Less than a month after gunmen shot more than 120 people dead in Paris, the world is mourning again after another heartbreaking tragedy: on Tuesday, Dec. 2, a shooting in San Bernardino (just an hour east of Los Angeles) killed 14 people and injured 21 others.
The victims of the incident were gathered for a holiday party at the Inland Regional Center, a facility that serves over 31,000 people with developmental disabilities in San Bernardino and Riverside counties.
The world just doesn’t seem so safe anymore, and an article by The New York Times depicts how thousands of readers feel that way: many said they felt anxiety while doing everyday activities, like riding the subway and attending religious services, in fear of attacks like this.
How can we not be afraid? The San Bernardino shooting marked the 355th mass shooting (defined as an incident with at least four deaths or injuries resulting from gunfire) in the United States in 2015 alone, and the year isn’t even over.
The suspects of the attack were a couple, one who was an employee of San Bernardino County. His coworkers and those acquainted with him described him as a quiet guy who was polite and showed no irregular behavior.
Who would have thought such a horrific event would take place at a gathering to celebrate the holidays? It doesn’t appear as though those who knew the county employee suspect – based on their testimonies – did.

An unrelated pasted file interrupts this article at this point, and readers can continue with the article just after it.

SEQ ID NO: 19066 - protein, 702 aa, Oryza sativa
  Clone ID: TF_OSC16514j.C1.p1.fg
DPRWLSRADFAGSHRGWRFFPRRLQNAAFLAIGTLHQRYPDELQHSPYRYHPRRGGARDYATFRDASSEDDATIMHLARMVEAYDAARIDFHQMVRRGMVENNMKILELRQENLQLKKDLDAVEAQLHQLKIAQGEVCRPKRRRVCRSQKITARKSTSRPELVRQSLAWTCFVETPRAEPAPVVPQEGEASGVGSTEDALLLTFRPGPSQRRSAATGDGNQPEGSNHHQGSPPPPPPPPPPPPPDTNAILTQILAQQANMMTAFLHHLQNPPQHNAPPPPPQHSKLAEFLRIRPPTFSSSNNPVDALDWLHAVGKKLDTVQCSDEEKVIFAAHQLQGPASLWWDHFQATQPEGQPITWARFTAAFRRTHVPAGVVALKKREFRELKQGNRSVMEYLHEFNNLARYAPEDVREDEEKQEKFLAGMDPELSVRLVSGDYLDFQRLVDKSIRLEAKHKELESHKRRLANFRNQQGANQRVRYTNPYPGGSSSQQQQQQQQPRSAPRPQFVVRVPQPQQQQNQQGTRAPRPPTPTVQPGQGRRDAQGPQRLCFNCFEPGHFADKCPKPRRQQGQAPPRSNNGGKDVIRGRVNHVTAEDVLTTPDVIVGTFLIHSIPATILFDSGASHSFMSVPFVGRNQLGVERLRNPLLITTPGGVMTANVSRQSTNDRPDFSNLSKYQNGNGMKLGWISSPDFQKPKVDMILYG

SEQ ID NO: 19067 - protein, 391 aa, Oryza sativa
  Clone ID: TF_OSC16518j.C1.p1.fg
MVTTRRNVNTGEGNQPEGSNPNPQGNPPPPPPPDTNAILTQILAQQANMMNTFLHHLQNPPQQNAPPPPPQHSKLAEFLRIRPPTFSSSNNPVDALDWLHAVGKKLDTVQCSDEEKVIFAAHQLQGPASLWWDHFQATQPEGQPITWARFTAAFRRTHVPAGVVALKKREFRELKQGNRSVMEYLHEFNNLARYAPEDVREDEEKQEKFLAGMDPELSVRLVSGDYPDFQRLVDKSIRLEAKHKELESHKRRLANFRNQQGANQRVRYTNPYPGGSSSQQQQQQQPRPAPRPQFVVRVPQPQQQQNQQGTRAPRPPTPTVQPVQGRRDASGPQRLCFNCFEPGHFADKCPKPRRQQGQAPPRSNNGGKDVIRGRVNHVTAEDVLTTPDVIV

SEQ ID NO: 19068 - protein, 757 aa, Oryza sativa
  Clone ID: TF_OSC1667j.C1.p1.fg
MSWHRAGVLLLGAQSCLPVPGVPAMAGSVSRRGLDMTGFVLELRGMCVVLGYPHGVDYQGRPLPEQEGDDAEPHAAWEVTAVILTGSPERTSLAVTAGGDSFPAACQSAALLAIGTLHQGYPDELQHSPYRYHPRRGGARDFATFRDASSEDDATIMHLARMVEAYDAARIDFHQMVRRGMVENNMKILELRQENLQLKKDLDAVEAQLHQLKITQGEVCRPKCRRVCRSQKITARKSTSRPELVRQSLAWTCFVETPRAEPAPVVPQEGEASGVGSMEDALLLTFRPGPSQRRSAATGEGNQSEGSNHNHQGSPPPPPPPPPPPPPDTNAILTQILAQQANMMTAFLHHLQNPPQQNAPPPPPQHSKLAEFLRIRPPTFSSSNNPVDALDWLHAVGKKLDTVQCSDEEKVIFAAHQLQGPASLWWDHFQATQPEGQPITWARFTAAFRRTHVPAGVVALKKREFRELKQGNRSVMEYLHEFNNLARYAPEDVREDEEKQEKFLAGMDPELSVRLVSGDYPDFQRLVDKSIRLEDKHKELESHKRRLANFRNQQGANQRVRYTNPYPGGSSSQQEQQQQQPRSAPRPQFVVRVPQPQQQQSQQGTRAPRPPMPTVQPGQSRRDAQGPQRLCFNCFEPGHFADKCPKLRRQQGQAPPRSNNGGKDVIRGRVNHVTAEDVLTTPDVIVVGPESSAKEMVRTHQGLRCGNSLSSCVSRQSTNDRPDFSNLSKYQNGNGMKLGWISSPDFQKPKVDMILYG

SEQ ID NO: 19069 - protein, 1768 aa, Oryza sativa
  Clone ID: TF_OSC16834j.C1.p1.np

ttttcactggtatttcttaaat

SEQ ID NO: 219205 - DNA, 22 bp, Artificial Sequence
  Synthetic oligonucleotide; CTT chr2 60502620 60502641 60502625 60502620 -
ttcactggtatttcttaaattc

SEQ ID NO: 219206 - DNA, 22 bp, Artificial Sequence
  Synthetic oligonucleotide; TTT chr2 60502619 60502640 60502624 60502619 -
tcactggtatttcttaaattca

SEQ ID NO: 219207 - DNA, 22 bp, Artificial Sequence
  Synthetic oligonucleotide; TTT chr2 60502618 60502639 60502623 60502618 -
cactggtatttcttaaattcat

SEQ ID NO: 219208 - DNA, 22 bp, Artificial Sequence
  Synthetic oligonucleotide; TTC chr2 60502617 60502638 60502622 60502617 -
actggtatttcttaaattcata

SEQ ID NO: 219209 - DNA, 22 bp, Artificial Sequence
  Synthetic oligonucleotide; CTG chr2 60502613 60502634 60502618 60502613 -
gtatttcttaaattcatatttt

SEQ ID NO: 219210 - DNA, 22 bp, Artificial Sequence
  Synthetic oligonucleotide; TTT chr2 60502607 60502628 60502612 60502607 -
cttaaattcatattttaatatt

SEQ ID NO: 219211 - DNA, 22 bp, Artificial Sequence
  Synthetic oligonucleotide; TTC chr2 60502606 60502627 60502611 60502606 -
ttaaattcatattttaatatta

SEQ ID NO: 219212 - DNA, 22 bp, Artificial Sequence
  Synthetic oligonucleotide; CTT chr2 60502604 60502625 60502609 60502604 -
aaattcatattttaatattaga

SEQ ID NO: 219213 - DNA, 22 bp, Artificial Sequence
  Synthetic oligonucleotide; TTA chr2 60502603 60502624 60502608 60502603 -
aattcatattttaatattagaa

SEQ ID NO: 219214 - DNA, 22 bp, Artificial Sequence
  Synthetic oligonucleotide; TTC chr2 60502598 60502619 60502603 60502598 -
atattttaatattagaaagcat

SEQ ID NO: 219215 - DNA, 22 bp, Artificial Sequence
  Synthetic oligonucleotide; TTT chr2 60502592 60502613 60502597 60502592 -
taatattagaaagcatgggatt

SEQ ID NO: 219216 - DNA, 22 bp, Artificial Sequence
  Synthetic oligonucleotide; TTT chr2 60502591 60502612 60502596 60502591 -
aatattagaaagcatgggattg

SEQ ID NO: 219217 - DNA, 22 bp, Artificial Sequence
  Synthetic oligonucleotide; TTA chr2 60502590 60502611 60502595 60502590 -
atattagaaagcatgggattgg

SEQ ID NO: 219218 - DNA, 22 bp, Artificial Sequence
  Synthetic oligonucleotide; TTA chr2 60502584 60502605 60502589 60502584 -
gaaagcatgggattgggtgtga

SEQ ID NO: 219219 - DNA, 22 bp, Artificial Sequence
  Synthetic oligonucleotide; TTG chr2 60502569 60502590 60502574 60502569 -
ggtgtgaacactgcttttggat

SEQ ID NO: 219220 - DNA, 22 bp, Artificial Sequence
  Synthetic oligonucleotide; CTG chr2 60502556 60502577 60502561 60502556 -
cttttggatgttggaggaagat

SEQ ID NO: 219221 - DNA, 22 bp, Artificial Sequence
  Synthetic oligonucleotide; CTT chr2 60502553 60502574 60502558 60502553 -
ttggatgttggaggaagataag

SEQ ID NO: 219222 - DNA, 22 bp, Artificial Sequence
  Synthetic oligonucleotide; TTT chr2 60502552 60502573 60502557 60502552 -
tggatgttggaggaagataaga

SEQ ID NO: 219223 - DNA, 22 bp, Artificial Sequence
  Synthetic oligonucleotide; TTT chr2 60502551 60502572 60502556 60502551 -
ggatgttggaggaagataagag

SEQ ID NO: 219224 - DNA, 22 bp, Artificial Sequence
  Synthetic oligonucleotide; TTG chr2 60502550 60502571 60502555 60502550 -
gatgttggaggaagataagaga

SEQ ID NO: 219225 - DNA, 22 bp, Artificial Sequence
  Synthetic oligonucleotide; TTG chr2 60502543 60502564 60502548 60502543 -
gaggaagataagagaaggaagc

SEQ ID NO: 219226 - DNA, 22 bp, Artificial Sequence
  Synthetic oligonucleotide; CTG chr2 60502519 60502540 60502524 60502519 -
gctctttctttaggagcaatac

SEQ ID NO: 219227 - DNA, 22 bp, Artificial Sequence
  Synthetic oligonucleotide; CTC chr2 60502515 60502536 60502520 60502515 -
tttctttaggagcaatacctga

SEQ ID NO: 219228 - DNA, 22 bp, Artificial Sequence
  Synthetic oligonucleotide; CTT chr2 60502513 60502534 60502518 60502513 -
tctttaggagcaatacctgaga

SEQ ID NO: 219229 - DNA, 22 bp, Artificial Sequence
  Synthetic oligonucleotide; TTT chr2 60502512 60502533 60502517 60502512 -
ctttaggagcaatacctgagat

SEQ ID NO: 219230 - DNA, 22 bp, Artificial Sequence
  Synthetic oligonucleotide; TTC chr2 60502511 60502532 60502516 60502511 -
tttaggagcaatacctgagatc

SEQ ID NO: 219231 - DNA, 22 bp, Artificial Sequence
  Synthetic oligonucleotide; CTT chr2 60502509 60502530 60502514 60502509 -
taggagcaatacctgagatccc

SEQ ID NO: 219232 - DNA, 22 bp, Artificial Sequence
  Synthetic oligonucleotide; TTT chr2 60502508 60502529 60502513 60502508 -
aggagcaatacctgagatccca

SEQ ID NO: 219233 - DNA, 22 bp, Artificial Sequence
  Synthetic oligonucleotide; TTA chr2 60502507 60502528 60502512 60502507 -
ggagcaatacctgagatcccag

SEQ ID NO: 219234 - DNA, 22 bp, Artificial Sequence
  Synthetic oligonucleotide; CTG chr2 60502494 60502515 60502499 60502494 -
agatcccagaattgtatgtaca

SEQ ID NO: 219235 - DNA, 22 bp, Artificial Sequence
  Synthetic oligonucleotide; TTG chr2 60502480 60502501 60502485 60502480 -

But here we are today. Fourteen people gone, people who were fathers, brothers, sisters, husbands… And more than a dozen others are in hospitals.
In spite of all of this, it’s my hope that America, along with the rest of the world, doesn’t start treating Muslims as lesser beings, since reports have highlighted the suspect’s Muslim faith.
I also stand by what I wrote after the Paris incident in November: events like this shouldn’t compel us to live in fear. Fear is understandable at a time like this, but fear is crippling. At the very least, we can fight our fears while exercising caution and living our lives, keeping in mind that in the natural course of our lives, we have no control over when, where or how we die.
Do we want to die having held back in life because of fear?